Rebecca Ferguson first warmed our hearts with her stunning voice on the X-factor back in 2010, where she came runner-up, beating One Direction. Since then she has remained in the music industry, writing and performing her own, often very personal, songs. Most recently she has released her new album ‘Superwoman’ in her home town of Liverpool at the Malmaison hotel, a rather posh establishment.
The hotel was crammed full of people clamouring to reach the bar where the free drinks where being handed out, one of which was a lovely lemony number called ‘Superwoman’, for obvious reasons. These people were absolutely what you would describe as ‘music-y’, the sheer amount of hats and sunglasses on display was almost comical. Still, they were all quite audibly locals and they were very much enjoying the hospitality before the main event occurred.
After I’d had my fill of canapes and mojitos it was time to see Ms. Ferguson do her thing in the flesh. People were crowded in front of the stage alongside a throng of guests lining the sizeable staircase behind us. The X-factor star made her way through the rear of the crowd to reach the stage, which was modestly dressed with a keyboard, a mic and a PA system. This bare-bones setup did away with any frills or tricks one might expect to see at an album launch event, instead it allowed for an intimate atmosphere to develop between the crowd and Ms. Ferguson.
She began by introducing the lead single ‘Superwoman’ as a song that she felt she had needed when she had been down and out in the last year. Her honesty was endearing and clearly struck a chord with the crowd, I lost count of the times I heard a gaggle of scousers saying “Aw she’s lovely isn’t she”. The song itself was an exercise in restraint, Ms. Ferguson has the pipes to blow your face off but here she kept it down and focused the attention on her lyrics, “I never ever said I was a superwoman”. This line, repeated throughout, brings home the fact that a huge amount of pressure and expectation is placed on X-factor stars once the show has finished, it is also true for any solo artist trying to make a name for themselves in the industry. It was an admittance of her humanity and the limits she can and quite clearly has reached in the past.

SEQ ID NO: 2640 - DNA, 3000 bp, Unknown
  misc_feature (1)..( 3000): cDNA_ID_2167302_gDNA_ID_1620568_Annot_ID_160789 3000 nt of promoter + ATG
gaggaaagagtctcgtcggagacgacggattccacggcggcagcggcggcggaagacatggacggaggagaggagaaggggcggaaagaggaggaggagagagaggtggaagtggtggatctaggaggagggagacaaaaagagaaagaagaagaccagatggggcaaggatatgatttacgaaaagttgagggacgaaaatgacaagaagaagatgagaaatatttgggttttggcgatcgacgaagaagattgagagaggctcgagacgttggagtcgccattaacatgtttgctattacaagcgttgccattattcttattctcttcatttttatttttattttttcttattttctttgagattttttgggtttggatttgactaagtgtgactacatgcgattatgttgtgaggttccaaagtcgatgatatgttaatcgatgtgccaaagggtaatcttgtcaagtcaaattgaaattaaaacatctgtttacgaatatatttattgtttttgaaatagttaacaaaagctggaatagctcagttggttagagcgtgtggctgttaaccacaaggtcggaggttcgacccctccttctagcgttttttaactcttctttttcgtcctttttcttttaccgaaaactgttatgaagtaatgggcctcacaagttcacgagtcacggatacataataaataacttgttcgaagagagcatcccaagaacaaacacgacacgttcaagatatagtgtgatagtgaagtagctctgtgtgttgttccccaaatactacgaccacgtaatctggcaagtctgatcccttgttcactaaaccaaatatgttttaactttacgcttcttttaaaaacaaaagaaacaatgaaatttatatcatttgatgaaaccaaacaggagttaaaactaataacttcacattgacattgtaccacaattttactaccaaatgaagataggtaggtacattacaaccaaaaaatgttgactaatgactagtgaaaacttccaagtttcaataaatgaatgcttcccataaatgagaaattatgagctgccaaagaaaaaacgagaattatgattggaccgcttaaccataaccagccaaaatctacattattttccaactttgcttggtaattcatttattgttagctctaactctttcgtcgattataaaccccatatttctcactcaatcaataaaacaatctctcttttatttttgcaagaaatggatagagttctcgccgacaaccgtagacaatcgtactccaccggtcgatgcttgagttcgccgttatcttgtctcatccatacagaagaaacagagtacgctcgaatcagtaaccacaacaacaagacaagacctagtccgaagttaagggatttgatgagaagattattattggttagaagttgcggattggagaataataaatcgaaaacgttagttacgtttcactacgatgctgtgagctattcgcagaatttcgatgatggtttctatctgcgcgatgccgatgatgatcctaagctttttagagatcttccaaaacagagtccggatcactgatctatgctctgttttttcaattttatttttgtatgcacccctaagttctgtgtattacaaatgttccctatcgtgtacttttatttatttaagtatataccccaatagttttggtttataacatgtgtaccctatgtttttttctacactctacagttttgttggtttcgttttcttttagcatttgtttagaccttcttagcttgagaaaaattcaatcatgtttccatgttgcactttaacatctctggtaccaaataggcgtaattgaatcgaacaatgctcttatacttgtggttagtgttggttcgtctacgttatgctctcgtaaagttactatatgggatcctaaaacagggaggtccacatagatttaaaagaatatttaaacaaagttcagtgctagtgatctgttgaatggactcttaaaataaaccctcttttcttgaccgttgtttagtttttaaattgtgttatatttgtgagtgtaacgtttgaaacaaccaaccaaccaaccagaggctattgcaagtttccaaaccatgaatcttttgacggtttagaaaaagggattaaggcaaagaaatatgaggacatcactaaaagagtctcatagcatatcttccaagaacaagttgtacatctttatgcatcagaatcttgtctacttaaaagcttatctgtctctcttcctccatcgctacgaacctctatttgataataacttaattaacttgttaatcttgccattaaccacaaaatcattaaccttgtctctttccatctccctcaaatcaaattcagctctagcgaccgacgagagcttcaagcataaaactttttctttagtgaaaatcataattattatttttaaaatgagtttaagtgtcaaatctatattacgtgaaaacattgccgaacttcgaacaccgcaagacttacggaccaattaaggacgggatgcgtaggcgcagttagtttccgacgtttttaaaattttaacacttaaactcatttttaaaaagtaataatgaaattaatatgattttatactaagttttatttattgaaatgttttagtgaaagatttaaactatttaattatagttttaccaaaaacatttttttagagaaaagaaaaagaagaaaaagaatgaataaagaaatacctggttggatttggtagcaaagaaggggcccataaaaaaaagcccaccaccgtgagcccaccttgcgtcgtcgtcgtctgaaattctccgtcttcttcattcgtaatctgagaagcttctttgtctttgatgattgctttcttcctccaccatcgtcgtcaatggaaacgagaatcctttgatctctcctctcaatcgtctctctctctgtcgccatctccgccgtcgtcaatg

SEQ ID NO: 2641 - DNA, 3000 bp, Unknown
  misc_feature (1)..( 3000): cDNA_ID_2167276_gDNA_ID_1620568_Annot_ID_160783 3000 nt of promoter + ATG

After the set she took to taking pictures with the crowd and took the time to talk to everybody who approached her. A testament to her character, she came across as a resoundingly nice person, deeply devoted to her work. It was an incredibly heartwarming evening for all. The free drinks didn’t hurt either.
I’d never given her a second thought after her X-factor stint ended but now I shall eat my words and say that the show uncovered some actual talent in Ms. Ferguson. Her music is personal and reserved, not merely an exhibition of what her vocal chords can do.